Sheelah, no, I haven’t yet read _Decite, Desire and the Novel_; although, I did attempt it a couple of years ago. Regrettably, I can be a bit overly fastidious when I sit down to read and with every page turn I felt myself to be more and more inadequate of a reader—as I hadn’t (at that time) ever read a single page of Cervantes, Flaubert, Stendhal or Proust. Before I finished the first chapter, I convinced myself that if I were to appreciate this work of Girard’s to any extent whatsoever, then I would at least need to familiarize myself with the Cliff Notes of these works—or something!! Since then I’ve managed to read some Don Quixote excerpts and purchase Madame Bovary from our local library discard shelf, but I fear I still have a long way to go before I can give that book the specialized attention is seems to require.
When it comes to the Bible, what do you think is the difference between asking “What does the text say?” and “How do you read it?”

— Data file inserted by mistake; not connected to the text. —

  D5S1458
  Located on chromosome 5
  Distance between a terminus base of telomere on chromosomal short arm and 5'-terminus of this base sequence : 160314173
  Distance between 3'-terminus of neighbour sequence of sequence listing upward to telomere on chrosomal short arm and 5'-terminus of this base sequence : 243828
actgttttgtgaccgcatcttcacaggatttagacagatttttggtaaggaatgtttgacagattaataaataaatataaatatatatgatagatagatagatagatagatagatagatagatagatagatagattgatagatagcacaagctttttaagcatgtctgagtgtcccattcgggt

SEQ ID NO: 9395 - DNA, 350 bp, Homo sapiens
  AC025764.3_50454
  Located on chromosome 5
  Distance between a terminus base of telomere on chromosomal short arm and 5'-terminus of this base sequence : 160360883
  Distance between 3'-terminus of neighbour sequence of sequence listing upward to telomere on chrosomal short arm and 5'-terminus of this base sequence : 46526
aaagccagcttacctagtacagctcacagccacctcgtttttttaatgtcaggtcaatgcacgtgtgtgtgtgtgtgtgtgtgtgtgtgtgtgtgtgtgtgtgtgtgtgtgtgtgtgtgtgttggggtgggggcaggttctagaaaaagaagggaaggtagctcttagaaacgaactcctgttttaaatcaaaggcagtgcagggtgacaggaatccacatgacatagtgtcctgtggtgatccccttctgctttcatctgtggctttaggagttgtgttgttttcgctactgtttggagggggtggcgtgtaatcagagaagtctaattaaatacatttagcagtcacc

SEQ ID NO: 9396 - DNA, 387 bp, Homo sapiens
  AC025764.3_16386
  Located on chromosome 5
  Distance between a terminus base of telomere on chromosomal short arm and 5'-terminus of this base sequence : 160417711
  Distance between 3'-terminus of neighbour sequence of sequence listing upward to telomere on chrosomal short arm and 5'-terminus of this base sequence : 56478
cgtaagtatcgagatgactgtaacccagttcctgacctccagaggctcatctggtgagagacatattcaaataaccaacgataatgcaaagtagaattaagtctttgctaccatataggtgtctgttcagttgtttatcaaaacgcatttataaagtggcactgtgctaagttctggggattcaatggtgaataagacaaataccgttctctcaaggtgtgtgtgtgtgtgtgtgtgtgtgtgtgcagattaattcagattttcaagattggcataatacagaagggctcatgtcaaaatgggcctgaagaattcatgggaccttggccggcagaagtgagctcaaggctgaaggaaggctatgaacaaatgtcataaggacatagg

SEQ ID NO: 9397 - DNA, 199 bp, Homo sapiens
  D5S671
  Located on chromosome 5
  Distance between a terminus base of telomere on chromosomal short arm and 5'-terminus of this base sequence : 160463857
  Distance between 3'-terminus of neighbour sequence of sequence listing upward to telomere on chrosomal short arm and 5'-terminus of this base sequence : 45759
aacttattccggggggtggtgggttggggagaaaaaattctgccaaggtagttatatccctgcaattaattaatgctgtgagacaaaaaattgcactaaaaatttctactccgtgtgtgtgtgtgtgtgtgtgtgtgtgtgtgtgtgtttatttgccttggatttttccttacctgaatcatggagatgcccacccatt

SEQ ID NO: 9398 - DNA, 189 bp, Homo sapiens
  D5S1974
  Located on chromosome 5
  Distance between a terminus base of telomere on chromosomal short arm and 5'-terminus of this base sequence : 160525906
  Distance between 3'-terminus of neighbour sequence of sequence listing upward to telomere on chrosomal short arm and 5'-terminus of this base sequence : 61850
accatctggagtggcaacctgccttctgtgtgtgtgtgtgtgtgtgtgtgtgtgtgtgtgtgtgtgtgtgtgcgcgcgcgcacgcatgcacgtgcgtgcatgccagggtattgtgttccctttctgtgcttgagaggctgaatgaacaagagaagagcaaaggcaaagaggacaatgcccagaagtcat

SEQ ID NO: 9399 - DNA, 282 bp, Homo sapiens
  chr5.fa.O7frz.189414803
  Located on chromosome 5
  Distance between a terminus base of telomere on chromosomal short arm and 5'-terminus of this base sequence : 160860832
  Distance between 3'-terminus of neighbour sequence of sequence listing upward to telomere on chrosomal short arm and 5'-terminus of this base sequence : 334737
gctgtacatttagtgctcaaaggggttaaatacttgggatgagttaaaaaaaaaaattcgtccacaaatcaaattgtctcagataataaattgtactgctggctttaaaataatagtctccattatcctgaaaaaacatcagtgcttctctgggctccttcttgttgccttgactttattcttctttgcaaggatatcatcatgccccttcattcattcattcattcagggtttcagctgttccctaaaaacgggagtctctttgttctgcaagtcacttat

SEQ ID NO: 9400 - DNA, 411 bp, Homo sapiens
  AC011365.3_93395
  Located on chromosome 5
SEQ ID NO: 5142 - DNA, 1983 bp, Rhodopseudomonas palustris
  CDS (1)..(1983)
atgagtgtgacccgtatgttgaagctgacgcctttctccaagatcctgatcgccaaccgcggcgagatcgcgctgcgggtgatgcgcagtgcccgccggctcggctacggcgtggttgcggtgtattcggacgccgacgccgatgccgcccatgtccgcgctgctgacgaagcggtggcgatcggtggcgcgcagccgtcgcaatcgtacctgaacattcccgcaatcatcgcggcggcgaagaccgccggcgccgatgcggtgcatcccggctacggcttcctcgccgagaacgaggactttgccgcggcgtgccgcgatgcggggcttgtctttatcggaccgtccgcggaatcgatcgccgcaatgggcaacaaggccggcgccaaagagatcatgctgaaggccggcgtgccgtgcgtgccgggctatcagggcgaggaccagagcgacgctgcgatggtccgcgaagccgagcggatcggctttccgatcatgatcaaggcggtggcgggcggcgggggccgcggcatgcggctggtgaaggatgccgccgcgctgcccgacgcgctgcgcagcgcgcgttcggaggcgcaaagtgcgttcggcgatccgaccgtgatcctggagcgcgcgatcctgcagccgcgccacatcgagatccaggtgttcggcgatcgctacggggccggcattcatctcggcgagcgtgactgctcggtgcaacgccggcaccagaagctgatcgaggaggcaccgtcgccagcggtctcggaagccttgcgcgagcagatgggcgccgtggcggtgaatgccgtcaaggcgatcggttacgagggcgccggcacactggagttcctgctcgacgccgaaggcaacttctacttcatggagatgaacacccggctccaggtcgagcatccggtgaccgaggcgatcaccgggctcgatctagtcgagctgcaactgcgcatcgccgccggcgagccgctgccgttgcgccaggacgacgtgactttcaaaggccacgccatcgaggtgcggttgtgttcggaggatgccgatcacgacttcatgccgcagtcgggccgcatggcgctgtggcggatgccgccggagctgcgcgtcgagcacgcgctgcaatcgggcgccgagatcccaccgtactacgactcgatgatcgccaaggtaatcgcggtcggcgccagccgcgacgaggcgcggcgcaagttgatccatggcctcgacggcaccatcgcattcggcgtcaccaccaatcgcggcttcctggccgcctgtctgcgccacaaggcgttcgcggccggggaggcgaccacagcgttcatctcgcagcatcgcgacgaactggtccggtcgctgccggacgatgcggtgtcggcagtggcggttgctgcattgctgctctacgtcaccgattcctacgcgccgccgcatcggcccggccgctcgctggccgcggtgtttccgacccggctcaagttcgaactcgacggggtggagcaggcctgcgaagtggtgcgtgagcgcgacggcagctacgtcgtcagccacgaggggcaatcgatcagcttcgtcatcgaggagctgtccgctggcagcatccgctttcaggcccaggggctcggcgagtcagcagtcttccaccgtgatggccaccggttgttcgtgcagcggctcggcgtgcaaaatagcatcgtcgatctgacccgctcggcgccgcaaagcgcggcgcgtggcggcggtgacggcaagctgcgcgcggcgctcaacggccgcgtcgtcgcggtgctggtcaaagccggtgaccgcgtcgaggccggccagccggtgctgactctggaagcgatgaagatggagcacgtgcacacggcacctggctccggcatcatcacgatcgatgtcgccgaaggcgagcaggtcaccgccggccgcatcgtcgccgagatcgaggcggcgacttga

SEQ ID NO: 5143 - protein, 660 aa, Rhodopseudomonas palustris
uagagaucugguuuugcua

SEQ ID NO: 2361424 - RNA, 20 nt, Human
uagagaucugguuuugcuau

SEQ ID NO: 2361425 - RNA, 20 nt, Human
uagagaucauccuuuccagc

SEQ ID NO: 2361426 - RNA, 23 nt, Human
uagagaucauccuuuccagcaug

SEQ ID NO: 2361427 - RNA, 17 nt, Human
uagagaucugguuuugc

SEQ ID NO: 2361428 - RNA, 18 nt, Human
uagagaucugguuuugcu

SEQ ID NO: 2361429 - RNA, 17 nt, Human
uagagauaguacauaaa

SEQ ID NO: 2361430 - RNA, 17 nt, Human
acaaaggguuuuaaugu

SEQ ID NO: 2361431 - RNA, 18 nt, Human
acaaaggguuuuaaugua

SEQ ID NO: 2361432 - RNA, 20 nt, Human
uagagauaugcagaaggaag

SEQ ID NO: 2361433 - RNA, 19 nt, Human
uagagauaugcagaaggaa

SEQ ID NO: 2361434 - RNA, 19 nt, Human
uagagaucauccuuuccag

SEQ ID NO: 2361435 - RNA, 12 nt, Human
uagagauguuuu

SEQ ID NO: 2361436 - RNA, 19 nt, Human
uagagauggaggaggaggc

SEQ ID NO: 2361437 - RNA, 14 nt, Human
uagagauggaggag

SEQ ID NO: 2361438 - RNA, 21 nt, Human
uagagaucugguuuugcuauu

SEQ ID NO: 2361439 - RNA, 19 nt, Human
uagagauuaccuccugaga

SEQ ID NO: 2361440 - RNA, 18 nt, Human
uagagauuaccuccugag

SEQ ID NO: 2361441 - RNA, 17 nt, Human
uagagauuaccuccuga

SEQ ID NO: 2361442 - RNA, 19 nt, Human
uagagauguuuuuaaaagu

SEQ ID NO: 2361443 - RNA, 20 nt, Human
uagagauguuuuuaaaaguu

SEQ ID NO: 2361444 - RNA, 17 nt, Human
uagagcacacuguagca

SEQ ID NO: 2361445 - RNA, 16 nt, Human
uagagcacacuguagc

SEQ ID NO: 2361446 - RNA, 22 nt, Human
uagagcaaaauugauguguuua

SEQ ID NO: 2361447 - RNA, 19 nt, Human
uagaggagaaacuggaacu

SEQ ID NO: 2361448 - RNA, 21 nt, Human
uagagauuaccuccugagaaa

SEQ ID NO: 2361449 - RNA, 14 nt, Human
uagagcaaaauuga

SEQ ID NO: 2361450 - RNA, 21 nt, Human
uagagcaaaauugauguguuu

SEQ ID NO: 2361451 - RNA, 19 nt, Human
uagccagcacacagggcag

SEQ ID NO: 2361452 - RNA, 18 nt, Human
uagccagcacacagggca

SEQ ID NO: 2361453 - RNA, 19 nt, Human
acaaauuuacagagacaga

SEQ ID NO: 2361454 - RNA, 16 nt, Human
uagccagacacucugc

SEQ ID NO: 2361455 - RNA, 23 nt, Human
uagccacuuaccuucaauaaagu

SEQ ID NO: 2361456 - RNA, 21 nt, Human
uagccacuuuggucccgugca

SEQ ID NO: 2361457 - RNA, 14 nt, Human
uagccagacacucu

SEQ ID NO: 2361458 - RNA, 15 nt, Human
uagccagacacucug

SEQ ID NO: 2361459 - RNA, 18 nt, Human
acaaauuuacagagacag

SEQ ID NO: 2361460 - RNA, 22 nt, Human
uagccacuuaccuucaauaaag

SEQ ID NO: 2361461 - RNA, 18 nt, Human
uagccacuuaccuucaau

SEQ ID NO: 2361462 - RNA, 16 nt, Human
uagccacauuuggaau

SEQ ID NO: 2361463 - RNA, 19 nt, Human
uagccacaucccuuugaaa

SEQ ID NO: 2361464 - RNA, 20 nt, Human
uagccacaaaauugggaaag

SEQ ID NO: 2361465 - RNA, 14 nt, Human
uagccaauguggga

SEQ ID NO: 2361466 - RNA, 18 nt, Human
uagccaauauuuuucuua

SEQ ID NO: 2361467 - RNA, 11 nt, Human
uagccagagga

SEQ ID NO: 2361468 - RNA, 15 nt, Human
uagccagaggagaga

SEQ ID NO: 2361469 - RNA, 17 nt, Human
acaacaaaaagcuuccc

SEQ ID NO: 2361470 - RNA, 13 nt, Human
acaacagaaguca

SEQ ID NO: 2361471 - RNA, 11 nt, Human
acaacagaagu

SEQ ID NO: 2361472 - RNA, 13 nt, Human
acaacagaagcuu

When we ask “What does the text say?” we pretend the Bible is like a conveyor belt spitting out messages we either grasp hold of, mishandle, or let drop on the floor. The question seems to imply that the meaning of a text can be so utterly divorced from the text that we might just be able to ignore the original texts altogether once we extract their meaning from them.
Conversely, when we respond to “How do you read the text?” there can be no grounds by which we could ever set the text aside as a thing which has already served its purpose. For that reason, I think the latter is a superior question for readers to ask.